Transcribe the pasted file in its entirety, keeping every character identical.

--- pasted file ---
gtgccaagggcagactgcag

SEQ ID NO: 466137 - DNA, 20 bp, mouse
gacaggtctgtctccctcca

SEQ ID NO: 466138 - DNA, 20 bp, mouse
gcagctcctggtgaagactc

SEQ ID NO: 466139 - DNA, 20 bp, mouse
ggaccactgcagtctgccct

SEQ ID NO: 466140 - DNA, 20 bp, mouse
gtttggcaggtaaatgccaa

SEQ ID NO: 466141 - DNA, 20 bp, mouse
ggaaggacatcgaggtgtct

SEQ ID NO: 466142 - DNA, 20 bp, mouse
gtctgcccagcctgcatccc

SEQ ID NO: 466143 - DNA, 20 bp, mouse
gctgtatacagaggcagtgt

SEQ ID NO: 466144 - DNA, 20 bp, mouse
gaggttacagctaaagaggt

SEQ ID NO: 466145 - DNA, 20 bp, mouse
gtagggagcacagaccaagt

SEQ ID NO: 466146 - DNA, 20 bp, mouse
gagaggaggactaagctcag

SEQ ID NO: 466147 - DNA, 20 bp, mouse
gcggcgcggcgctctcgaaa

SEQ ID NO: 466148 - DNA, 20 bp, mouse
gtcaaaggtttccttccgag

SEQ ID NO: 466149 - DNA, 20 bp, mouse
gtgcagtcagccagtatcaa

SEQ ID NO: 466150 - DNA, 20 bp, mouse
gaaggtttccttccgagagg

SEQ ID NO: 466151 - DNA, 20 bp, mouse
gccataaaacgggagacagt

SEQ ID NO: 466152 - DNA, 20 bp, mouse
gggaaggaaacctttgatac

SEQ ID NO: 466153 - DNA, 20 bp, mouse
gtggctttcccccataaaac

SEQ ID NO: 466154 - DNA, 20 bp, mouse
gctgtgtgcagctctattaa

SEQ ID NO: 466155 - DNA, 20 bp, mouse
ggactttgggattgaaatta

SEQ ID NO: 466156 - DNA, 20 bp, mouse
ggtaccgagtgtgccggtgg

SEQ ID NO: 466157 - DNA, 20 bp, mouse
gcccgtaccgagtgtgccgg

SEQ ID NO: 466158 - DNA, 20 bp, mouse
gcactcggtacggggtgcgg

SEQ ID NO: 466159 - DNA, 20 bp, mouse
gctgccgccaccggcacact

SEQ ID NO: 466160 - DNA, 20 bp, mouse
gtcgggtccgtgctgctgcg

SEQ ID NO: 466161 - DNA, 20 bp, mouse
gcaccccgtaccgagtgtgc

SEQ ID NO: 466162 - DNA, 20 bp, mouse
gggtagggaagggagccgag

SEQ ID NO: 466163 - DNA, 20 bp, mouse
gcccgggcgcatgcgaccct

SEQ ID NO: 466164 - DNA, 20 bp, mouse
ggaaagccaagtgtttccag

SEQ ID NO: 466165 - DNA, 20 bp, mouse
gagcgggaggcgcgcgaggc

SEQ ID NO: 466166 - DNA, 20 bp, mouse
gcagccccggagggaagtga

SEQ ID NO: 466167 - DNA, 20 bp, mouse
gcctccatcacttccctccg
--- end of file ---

gtgccaagggcagactgcag

SEQ ID NO: 466137 - DNA, 20 bp, mouse
gacaggtctgtctccctcca

SEQ ID NO: 466138 - DNA, 20 bp, mouse
gcagctcctggtgaagactc

SEQ ID NO: 466139 - DNA, 20 bp, mouse
ggaccactgcagtctgccct

SEQ ID NO: 466140 - DNA, 20 bp, mouse
gtttggcaggtaaatgccaa

SEQ ID NO: 466141 - DNA, 20 bp, mouse
ggaaggacatcgaggtgtct

SEQ ID NO: 466142 - DNA, 20 bp, mouse
gtctgcccagcctgcatccc

SEQ ID NO: 466143 - DNA, 20 bp, mouse
gctgtatacagaggcagtgt

SEQ ID NO: 466144 - DNA, 20 bp, mouse
gaggttacagctaaagaggt

SEQ ID NO: 466145 - DNA, 20 bp, mouse
gtagggagcacagaccaagt

SEQ ID NO: 466146 - DNA, 20 bp, mouse
gagaggaggactaagctcag

SEQ ID NO: 466147 - DNA, 20 bp, mouse
gcggcgcggcgctctcgaaa

SEQ ID NO: 466148 - DNA, 20 bp, mouse
gtcaaaggtttccttccgag

SEQ ID NO: 466149 - DNA, 20 bp, mouse
gtgcagtcagccagtatcaa

SEQ ID NO: 466150 - DNA, 20 bp, mouse
gaaggtttccttccgagagg

SEQ ID NO: 466151 - DNA, 20 bp, mouse
gccataaaacgggagacagt

SEQ ID NO: 466152 - DNA, 20 bp, mouse
gggaaggaaacctttgatac

SEQ ID NO: 466153 - DNA, 20 bp, mouse
gtggctttcccccataaaac

SEQ ID NO: 466154 - DNA, 20 bp, mouse
gctgtgtgcagctctattaa

SEQ ID NO: 466155 - DNA, 20 bp, mouse
ggactttgggattgaaatta

SEQ ID NO: 466156 - DNA, 20 bp, mouse
ggtaccgagtgtgccggtgg

SEQ ID NO: 466157 - DNA, 20 bp, mouse
gcccgtaccgagtgtgccgg

SEQ ID NO: 466158 - DNA, 20 bp, mouse
gcactcggtacggggtgcgg

SEQ ID NO: 466159 - DNA, 20 bp, mouse
gctgccgccaccggcacact

SEQ ID NO: 466160 - DNA, 20 bp, mouse
gtcgggtccgtgctgctgcg

SEQ ID NO: 466161 - DNA, 20 bp, mouse
gcaccccgtaccgagtgtgc

SEQ ID NO: 466162 - DNA, 20 bp, mouse
gggtagggaagggagccgag

SEQ ID NO: 466163 - DNA, 20 bp, mouse
gcccgggcgcatgcgaccct

SEQ ID NO: 466164 - DNA, 20 bp, mouse
ggaaagccaagtgtttccag

SEQ ID NO: 466165 - DNA, 20 bp, mouse
gagcgggaggcgcgcgaggc

SEQ ID NO: 466166 - DNA, 20 bp, mouse
gcagccccggagggaagtga

SEQ ID NO: 466167 - DNA, 20 bp, mouse
gcctccatcacttccctccg